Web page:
Safety progress


From outer space to deep seas

The space industry has been incorporating human factors into their training for many years. Maersk Drilling aims at reducing safety related incidents to exactly zero no later than in 2018. And in order to fulfil that goal we have to learn from the best in the space industry: NASA. To instruct offshore crews in human factors at the new simulator-training centre in Houston, Maersk Training has appointed Evelyn Baldwin and Michele Blanton, who have lots of valuable experience from their years of work with NASA and the Human Space Flight Program.

Human factor competencies are key to improving critical capability building. We have asked Evelyn Baldwin and Michele Blanton a few question about the role of human factors in the safety of offshore drilling and how they apply their experience from outer space to deep seas.

What are human factors?

Michele: Human factors are the non-technical skills that are used every day when performing a technical job. Items such as leadership, teamwork, communication, situational awareness, decision-making, and personal shaping factors are all human factors.

Evelyn: Human factors are the accumulation of all skills and abilities that the individual brings to a situation. This includes non-technical skills and how they are used together with technical skills. When a person (and a team) can effectively use their tools, they are more successful at breaking the error chain.

Which roles does human factors play in the safety of offshore drilling?

Michele: Human factors play an important part of offshore drilling. It is estimated that anywhere from 70% to 90% of all incidents/accidents are due to human factors. Being aware of how humans affect the work environment and how they can implement certain behaviours to make the work environment a safer place is important.

Evelyn: Clearly offshore drilling depends on the success of the team. The challenge of offshore drilling is that the size, shape and individuals that make up teams is constantly shifting. It is imperative that individuals are well trained in human factors and how they can best contribute as a team member.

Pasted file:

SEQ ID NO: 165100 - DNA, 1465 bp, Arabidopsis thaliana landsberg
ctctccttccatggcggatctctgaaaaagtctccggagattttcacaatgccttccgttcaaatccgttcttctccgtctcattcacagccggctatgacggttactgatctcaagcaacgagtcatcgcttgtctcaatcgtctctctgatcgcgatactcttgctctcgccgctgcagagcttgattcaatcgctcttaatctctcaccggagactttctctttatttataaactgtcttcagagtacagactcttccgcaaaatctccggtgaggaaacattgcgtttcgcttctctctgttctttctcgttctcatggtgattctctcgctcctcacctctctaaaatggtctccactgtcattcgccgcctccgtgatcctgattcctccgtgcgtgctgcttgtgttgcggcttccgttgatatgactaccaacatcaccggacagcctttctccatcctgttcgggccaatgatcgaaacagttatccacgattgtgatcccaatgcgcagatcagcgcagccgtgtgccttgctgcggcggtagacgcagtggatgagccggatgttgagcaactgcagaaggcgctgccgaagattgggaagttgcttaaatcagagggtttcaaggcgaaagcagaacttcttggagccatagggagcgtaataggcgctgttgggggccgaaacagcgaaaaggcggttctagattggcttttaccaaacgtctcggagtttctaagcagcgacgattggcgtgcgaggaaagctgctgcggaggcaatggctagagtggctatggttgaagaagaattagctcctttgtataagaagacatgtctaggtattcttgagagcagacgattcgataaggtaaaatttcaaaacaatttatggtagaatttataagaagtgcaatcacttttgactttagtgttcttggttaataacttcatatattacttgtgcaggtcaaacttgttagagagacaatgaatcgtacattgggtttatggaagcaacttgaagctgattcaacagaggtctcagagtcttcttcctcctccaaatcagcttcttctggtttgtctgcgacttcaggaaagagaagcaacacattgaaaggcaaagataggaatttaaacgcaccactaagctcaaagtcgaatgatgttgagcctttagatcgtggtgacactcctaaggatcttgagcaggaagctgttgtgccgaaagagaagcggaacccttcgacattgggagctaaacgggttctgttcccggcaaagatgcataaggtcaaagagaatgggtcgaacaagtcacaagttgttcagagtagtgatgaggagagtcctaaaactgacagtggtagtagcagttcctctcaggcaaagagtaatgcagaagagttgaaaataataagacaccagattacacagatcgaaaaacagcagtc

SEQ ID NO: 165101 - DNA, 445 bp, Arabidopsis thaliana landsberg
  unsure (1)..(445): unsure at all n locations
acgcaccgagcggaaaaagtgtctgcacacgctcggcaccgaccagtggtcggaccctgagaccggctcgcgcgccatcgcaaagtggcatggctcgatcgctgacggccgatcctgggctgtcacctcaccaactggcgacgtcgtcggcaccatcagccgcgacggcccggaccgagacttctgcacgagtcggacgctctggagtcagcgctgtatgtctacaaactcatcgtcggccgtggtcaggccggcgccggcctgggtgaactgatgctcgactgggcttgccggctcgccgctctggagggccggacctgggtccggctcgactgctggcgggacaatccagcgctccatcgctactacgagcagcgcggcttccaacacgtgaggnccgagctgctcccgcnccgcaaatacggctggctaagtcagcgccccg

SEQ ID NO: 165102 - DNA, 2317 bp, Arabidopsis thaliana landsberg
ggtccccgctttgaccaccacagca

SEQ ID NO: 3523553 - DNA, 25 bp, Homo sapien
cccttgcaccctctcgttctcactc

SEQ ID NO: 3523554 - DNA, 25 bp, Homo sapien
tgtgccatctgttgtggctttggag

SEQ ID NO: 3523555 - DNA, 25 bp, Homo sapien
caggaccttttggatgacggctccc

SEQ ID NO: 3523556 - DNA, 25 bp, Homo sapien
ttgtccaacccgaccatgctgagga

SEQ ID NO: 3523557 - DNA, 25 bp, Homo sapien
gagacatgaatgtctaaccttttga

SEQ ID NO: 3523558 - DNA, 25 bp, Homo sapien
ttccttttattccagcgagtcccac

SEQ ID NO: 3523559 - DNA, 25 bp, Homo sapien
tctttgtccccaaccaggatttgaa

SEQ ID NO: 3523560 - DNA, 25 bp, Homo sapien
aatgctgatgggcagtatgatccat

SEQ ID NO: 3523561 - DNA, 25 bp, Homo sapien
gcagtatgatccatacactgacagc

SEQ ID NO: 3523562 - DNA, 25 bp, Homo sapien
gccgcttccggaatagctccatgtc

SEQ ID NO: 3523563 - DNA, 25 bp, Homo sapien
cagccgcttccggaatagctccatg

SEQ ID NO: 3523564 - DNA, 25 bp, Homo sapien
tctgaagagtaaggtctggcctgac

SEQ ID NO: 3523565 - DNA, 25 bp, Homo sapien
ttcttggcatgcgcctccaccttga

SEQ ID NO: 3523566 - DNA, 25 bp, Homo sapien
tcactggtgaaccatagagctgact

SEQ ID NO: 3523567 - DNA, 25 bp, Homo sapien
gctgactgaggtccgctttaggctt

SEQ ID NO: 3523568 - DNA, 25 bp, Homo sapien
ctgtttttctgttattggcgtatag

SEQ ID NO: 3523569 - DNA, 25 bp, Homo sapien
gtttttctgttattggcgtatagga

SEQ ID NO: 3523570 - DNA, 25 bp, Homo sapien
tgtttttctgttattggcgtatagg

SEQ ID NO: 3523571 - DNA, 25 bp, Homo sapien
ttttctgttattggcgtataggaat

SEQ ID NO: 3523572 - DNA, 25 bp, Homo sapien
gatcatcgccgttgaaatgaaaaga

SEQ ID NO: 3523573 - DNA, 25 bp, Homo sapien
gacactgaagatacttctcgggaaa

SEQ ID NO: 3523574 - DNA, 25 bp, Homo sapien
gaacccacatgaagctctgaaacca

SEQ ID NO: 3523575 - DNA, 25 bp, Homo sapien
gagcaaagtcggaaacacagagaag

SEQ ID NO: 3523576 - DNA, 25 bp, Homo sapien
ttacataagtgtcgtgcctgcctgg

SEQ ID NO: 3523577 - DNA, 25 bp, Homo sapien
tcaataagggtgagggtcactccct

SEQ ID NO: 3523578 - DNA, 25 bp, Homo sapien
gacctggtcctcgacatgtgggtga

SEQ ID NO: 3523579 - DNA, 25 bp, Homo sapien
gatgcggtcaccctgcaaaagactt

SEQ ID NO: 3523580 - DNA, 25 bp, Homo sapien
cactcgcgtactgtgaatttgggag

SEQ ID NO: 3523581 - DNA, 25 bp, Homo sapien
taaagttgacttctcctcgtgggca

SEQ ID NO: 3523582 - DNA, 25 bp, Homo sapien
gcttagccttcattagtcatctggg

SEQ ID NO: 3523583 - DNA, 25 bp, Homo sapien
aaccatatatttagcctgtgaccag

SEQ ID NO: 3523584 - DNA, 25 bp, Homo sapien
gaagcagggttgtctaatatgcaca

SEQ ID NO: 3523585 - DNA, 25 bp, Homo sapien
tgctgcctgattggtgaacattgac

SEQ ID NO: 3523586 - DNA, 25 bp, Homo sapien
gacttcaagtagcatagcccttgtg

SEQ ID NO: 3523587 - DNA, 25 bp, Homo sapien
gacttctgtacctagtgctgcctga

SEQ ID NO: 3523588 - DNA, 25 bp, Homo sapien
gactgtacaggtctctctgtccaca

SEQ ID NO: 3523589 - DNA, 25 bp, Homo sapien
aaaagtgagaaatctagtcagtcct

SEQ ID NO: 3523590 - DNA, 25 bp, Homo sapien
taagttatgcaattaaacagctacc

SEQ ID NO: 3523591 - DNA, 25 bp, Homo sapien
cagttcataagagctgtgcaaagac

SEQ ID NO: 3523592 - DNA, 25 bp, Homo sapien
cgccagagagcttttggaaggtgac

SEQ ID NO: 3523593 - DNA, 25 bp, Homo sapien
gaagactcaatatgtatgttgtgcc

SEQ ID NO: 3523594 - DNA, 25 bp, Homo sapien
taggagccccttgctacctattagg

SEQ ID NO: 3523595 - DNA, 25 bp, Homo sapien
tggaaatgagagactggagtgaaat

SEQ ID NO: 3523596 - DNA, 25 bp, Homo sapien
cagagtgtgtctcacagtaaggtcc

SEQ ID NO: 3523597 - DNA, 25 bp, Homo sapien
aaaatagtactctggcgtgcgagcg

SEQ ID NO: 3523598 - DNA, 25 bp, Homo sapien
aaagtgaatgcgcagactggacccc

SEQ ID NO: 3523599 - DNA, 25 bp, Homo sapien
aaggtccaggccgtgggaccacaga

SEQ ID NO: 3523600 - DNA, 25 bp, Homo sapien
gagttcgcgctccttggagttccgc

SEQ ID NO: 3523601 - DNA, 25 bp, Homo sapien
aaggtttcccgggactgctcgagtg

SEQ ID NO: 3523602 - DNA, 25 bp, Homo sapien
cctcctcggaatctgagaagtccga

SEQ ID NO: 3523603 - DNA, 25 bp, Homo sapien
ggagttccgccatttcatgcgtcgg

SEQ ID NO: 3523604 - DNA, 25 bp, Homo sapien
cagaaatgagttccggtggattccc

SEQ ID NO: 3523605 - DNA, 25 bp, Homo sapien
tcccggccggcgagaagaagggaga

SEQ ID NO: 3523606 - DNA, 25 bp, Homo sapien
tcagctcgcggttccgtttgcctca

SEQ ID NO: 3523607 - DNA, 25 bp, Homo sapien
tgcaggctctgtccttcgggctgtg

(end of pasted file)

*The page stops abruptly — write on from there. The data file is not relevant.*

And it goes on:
How are human factors incorporated into the trainings conducted at the facility?

Michele: Human factors are incorporated into training through classroom and simulator training. At the simulator-training centre, the facilities provide a great opportunity for the oil companies and drilling contractors to practice difficult cases or experience malfunctions that would be catastrophic on the rig during actual operations, if the crew were to make a human error.

Evelyn: With respect to human factors, what we see is that in the classroom, students are able to easily identify the characteristics and skills needed for good teamwork and communication. However, ‘walking the walk’ so to speak, is much more difficult. The team simulation scenarios is where the students can practice using the skills. This is where we can see’ ah-ha’ moments. Human factors are like weight-loss. You know what you need to do but it takes continual thoughtful practice and training to make it part of your lifestyle.

How can you apply your experience in your current job?

Michele: The space industry has been incorporating human factors into their training for many years. My experience working in the NASA Human Space Flight program allows me to take years of experience and knowledge that NASA has used in its training flows to reduce incidents/accidents and apply them to the oil and gas industry.

Evelyn: Like offshore drilling, the space station is a very expensive and highly technical ship. It takes many different systems and personnel to run it. There are many similarities between the two industries and the importance of the human factors span both. At NASA, we learned that the simulator is by far the most meaningful way of training non-technical skills.  


Name: Evelyn Baldwin
Job title: Human Factors Instructor, Maersk Training, Houston, Texas 
Experience: Evelyn has spent 13 years with NASA with the majority of that time working on the human factors side of training. She was also a communication and tracking instructor while at NASA. After NASA, Evelyn joined the BOP Control Systems with GE Oil and Gas. 

Name: Michele Blanton 
Job title: Human Factors Instructor, Maersk Training, Houston, Texas 
Experience: Michele worked with NASA in the Human Space Flight area for 14 years where she trained flight controllers and astronauts in both technical aspects of systems and human factors. Before leaving NASA, Michele helped develop the manned spaceflight vehicle, Orion

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